Bottled Water Crisis
Well, it finally happened. After years of tremendous marketing, bottled water is taking a hit. Drinking bottled water is being equated with smoking cigarettes and drinking alcohol as an undesirable social activity. Chicago is the first major city to levy a sin tax on each bottle of water sold within city limits. Starting yesterday Chicago will charge a 5-cent tax on each bottle of water sold. Officials predict the tax will yield $10.5 million annually.
The Daily Green lists the seven sins of bottled water:
1. Plastic bottles are made from petroleum.
2. The bottles often go into the trash, rather than the recycle bin (in part because many states don’t offer five-cent deposits to encourage recycling, as they do on soda and beer cans and bottles).
3. The water is pumped far from where it is sold, creating needless pollution as trucks and barges transport it across the country or around the world.
4. Some local communities have objected to the sale of their water, arguing that the water underground or flowing from natural springs is publicly owned and should not be exploited for profit.
5. Bottled water is rarely as closely monitored as tap water.
6. Tap water in the United States, when provided by a municipal system, is the most highly monitored and safe supply in the world.
7. Some of the water sold in little plastic bottles is tap water, but it costs an awful lot more per gallon.
As a result of some of these considerations, I have been trying to get off of bottled water for some time. Bottled water is an excess I can do without. The tap water in Philadelphia is just fine and I am happy to carry around a reusable water bottle. But I know that some people love their bottled water. So let’s consider whether this tax makes sense.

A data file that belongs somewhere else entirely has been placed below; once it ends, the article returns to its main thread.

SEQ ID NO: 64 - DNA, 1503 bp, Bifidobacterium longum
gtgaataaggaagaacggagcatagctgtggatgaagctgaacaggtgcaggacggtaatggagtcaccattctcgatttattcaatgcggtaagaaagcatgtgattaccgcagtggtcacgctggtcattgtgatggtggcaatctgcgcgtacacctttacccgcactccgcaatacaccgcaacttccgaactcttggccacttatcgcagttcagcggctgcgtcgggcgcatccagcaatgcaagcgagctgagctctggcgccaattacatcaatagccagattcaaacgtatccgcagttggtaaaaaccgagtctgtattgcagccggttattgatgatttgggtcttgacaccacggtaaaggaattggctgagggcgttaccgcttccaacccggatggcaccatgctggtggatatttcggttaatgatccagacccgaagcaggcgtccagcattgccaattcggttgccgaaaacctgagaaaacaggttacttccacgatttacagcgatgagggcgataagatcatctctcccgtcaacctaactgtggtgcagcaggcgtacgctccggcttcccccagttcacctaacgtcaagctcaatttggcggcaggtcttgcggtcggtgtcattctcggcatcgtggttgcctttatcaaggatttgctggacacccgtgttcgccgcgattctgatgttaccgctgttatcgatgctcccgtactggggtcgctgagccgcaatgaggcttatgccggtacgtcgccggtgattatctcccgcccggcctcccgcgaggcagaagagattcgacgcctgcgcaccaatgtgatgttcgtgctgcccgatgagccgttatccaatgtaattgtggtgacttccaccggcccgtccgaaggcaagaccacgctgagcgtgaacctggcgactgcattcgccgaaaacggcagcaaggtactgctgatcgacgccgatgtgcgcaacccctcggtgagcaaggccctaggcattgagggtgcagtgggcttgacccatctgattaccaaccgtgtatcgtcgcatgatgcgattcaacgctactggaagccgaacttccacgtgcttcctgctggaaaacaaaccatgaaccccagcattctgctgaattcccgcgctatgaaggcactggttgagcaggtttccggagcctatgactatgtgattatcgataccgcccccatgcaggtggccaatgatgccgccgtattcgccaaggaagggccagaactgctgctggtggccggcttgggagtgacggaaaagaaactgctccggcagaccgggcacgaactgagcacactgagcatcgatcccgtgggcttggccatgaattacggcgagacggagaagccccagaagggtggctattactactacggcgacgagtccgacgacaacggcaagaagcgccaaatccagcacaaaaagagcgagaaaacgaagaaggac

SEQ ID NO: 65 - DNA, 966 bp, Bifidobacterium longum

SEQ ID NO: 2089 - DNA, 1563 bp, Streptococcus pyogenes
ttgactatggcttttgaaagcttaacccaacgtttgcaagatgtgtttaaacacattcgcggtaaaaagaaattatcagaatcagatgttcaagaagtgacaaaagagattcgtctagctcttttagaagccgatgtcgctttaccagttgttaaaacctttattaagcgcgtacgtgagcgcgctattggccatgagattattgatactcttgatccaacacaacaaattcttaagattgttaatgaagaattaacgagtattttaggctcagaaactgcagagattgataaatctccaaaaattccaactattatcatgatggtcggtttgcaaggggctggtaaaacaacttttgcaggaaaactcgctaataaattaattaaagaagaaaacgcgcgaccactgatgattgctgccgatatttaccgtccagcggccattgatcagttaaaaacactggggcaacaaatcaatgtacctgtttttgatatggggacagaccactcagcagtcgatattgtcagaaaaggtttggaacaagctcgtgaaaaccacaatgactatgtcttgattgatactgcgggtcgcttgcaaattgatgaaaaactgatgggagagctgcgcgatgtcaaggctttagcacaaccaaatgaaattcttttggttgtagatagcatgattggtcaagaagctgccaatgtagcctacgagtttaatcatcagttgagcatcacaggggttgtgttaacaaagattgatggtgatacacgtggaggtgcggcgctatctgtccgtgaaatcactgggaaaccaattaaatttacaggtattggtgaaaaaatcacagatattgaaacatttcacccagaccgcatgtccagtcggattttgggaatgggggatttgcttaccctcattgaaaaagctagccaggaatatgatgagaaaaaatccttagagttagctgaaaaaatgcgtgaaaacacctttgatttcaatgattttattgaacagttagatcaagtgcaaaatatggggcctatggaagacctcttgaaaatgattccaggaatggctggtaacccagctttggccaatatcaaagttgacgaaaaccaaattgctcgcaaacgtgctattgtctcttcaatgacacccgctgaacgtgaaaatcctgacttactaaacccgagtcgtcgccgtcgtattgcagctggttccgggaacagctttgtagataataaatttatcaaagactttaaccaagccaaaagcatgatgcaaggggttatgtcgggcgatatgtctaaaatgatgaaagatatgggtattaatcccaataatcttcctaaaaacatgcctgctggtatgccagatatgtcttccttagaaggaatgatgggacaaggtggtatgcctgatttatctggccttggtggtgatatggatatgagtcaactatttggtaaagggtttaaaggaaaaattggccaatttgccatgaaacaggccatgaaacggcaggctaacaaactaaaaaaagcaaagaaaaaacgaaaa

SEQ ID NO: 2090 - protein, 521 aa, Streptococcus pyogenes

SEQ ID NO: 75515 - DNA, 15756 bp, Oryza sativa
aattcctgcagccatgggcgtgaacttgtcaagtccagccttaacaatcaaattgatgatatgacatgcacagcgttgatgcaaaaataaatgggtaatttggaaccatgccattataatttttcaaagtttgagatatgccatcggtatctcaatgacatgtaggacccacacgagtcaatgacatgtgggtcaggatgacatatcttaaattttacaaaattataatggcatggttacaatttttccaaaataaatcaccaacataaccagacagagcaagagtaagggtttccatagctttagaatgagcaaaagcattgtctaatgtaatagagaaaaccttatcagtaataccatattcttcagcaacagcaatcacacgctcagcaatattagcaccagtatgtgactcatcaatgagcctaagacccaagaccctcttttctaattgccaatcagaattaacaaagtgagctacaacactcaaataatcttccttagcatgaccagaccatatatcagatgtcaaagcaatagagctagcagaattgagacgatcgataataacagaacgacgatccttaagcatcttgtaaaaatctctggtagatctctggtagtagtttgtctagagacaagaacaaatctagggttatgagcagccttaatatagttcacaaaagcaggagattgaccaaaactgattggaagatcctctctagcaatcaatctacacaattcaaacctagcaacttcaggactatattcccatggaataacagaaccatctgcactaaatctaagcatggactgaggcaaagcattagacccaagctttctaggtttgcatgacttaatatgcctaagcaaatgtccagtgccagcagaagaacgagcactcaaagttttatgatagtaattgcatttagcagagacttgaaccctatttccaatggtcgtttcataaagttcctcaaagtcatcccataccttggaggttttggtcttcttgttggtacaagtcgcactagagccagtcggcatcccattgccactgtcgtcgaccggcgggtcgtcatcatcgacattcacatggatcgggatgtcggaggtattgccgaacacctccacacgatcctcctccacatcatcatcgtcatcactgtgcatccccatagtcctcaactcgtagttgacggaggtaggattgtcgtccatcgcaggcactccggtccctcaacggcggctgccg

The tax could be aimed at the pollution created by plastic water bottles. If so, the tax is too narrow, because there is no reason to stop at taxing water drinkers. I suspect that more bottles of soda are consumed than bottles of water. And many products come in plastic packages. So why not create a tax on all plastic packaging? Furthermore, it misses some of the pollution because it seems to target the bottles rather than the pollution caused by the transport of water. On the other hand, it may result in fewer bottles being purchased and thus less water being transported.
If the tax is aimed at eliminating the use of an unnecessary and wasteful product given the public water supply, the tax may be better designed, but may not go far enough. Will a 5-cent surcharge really change consumption habits? I don’t know. If it does, how will those habits change? Will people buy larger water bottles or buy less water altogether?
In any event, the tax succeeds on one front. It likely forces consumers to internalize some of the externalities created by bottled water. Professor Annette Nellen from San Jose State has a nice summary of some other considerations about this tax.
I assume that Chicago is constrained by certain state and federal constitutional limitation in what it can tax, but I like this as a first step. I would love to know whether this generates the expected revenue and/or changes any behavior in Chicago. I guess we’ll have to wait and see.